With the Turn of a Tassel

photo by Joey Marion

photo by Joey Marion


Green is not my color. Come to think of it, green is nobody’s color. Yet there I was, head to toe in dark green polyester, sitting with two hundred of my peers dressed just the same. It was hot and the kid next to me smelled funny. Despite feeling unsteady in heels, I had chosen to wear wedges. I’d come to regret that. 

The whole situation was kind of silly. Dramatic music played as we all proceeded through an auditorium of parents yelling at us to smile for the camera. They had paid top dollar for our education and were determined to bring home photographic evidence. Emotional yet funny speeches were read. We were told how much we were going to miss this place and just how exciting, and complicated, life was about to get. Diplomas were conferred. Each name read aloud was accompanied by cheers at varying volumes, despite the request to save applause until the end. With the turn of a tassel, we officially made it through high school. 

We’d spent the last year stressing over endless college applications and then endless rounds of acceptances, rejections, and waitlists. Our frayed nerves gave way to excitement for the next four years. Faculty members jumped at every opportunity to offer words of wisdom before we left for “the real world,” but the ears of teenagers are allergic to wisdom. We were, after all, graduating from high school. Clearly, we already knew everything. Limits and curfews were tested more and more as the prospect of freedom took center stage. We were eighteen-year-olds with driver’s licenses and perpetual chips on our shoulders and we rarely apologized.

Walking through the halls, graduates reminisced upon what were, at the time, the glory days. Everything was about to be different. But it wasn’t. Nothing was different.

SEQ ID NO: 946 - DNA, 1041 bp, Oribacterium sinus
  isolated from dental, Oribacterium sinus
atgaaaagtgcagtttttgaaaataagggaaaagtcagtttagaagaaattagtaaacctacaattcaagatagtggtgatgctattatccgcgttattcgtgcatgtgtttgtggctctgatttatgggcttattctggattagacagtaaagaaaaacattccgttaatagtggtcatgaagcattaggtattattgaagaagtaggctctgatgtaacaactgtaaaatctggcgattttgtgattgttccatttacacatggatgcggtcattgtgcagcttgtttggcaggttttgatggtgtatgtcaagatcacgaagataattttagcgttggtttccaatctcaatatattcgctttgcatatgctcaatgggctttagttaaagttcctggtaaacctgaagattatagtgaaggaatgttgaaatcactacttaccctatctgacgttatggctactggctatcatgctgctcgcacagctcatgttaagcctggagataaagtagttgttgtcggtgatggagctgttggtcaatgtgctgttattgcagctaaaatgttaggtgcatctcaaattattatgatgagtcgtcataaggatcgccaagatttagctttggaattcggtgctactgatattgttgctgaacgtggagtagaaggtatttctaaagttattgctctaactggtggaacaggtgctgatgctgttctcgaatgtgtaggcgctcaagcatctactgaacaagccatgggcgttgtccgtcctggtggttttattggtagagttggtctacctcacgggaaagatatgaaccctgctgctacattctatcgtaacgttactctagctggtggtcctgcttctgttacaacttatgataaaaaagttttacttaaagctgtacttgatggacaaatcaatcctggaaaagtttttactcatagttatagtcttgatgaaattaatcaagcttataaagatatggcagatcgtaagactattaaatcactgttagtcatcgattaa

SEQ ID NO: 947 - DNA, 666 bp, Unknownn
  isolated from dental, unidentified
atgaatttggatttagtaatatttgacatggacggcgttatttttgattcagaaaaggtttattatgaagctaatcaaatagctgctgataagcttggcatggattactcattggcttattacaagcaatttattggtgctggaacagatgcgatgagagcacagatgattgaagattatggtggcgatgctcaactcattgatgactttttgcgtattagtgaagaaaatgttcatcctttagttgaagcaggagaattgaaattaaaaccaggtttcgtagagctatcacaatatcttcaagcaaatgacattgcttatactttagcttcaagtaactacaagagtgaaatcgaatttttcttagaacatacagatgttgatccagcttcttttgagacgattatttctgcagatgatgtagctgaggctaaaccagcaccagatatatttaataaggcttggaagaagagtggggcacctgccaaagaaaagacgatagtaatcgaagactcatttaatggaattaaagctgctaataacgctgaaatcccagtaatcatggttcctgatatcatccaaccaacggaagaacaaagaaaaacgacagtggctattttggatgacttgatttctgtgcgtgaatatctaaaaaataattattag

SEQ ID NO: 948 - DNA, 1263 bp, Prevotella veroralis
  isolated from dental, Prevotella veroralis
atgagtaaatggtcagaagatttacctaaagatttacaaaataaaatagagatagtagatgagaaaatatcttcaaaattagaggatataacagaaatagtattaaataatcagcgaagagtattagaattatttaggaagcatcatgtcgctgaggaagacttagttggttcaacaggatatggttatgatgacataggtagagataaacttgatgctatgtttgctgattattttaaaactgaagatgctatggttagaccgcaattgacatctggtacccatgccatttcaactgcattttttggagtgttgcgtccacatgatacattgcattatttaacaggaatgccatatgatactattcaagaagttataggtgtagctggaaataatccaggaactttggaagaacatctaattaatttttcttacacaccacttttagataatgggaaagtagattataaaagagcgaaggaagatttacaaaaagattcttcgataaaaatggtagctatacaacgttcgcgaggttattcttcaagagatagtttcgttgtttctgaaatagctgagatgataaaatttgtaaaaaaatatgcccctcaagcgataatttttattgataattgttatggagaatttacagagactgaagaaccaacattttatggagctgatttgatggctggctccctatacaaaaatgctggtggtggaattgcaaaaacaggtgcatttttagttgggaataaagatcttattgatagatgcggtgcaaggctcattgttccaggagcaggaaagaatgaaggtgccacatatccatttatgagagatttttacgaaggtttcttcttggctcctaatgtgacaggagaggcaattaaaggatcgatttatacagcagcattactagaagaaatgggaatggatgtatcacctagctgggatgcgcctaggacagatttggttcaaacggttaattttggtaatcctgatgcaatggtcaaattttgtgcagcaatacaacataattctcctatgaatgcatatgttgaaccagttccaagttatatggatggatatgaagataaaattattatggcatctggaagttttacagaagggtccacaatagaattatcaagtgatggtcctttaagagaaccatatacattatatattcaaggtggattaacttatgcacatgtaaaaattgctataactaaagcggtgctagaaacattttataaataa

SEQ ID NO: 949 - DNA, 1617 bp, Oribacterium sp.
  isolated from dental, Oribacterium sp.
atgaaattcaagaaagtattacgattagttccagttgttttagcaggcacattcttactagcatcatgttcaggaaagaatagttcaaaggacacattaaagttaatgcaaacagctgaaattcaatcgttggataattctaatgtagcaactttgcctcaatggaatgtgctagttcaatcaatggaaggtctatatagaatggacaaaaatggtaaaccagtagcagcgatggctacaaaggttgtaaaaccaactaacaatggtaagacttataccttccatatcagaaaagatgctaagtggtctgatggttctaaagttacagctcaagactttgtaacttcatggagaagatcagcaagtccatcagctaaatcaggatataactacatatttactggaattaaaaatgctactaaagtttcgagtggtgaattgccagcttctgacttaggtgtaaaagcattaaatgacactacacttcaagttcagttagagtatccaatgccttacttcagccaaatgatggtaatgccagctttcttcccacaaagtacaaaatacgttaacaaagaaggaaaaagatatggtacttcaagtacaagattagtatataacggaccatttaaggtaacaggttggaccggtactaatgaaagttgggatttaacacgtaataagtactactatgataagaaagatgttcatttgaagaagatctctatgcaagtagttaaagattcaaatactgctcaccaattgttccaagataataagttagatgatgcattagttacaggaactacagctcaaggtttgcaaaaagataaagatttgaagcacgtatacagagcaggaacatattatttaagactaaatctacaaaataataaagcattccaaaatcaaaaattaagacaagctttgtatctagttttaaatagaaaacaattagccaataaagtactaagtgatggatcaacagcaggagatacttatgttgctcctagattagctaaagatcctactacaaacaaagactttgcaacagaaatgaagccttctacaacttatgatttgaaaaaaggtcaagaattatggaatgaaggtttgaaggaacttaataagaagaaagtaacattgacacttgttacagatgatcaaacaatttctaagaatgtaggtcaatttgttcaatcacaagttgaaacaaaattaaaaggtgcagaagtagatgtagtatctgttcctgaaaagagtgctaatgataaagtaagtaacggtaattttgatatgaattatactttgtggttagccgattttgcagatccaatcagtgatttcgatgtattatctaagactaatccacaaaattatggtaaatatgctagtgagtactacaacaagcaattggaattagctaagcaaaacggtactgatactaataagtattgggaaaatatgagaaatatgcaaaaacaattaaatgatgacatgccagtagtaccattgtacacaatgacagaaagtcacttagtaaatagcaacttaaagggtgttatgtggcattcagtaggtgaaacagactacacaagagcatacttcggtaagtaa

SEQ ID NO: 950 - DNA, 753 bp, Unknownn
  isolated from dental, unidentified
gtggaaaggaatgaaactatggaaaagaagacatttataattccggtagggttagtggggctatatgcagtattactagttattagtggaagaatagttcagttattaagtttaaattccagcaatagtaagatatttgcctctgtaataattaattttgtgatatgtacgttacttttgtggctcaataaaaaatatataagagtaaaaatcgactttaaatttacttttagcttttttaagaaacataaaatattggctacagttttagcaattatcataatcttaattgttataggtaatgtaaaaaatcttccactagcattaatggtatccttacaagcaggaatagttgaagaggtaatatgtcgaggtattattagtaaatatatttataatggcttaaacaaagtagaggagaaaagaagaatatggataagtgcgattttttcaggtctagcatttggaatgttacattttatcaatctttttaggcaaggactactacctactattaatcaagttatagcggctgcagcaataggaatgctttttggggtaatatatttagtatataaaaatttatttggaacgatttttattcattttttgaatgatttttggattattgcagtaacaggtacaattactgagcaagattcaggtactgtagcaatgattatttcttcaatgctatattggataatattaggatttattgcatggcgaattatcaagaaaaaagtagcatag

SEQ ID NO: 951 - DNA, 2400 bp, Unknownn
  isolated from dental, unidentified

Then, in a few blinks, senior year was over.

We proceeded out of the auditorium into post-graduation hugs and so many pictures my cheeks get tired just thinking of it. Sports teams and AP classes scrambled to find everyone for group photos and few succeeded. Walking through the halls, graduates reminisced upon what were, at the time, the glory days. Everything was about to be different. But it wasn’t. Nothing was different. We may have just graduated, but we were still in high school. We still wore the identities we had crafted for ourselves over the past four years: the lax bro, the robotics captain, the prom queen, the valedictorian. At that moment, in that room, those titles still meant something.

High school didn’t end on the day of graduation, or even during the three months of summer that followed. Whether you wanted to get lunch, go hiking, or sneak vodka from your parent’s liquor cabinets, high school friends were still the ones to receive the bored Bat-signal. We were stuck in a purgatory, fueled by the aforementioned liquor and this conspiracy theory that everything was going to change. We were still laughing when it did.

Then high school ended, for good, over and over again. It ended when my first friend left for college. It ended when I sat in my empty bedroom after my mom packed my life away into a university-bound minivan. It ended the first time I skipped a class to nap and nobody called my parents. It ended the first Tuesday night I went out to a bar. High school ended when I stayed up all night in the library writing a paper I had procrastinated all semester, and again, when I got a B- on it. It ended when the pictures on my walls were more of college friends than high school ones. It ended the first time I got sick and had to go to the school infirmary, and I missed my mother more than I ever had before. High school ended when I came home for winter break, wasn’t invited to a party, and didn’t care. High school ended.

The switch was never exactly difficult. It just kind of happened. I keep waiting to feel like an adult. Teachers told me this was part of the transition too, but I’m still waiting. I live on my own nine months out of the year, and nobody spares the chance to welcome me to adulthood when life gets complicated. But I’ve recently decided not to let this get to me. I was taught how to make flash cards, not live in the real world. So I mess up sometimes and flash the Bat-signal at my parents, and that’s okay. I’m saving that whole “adult” part for the next time I’m wearing a silly gown and shoes I regret in a room that can be blinked away in seconds. 

EssayAnna Hack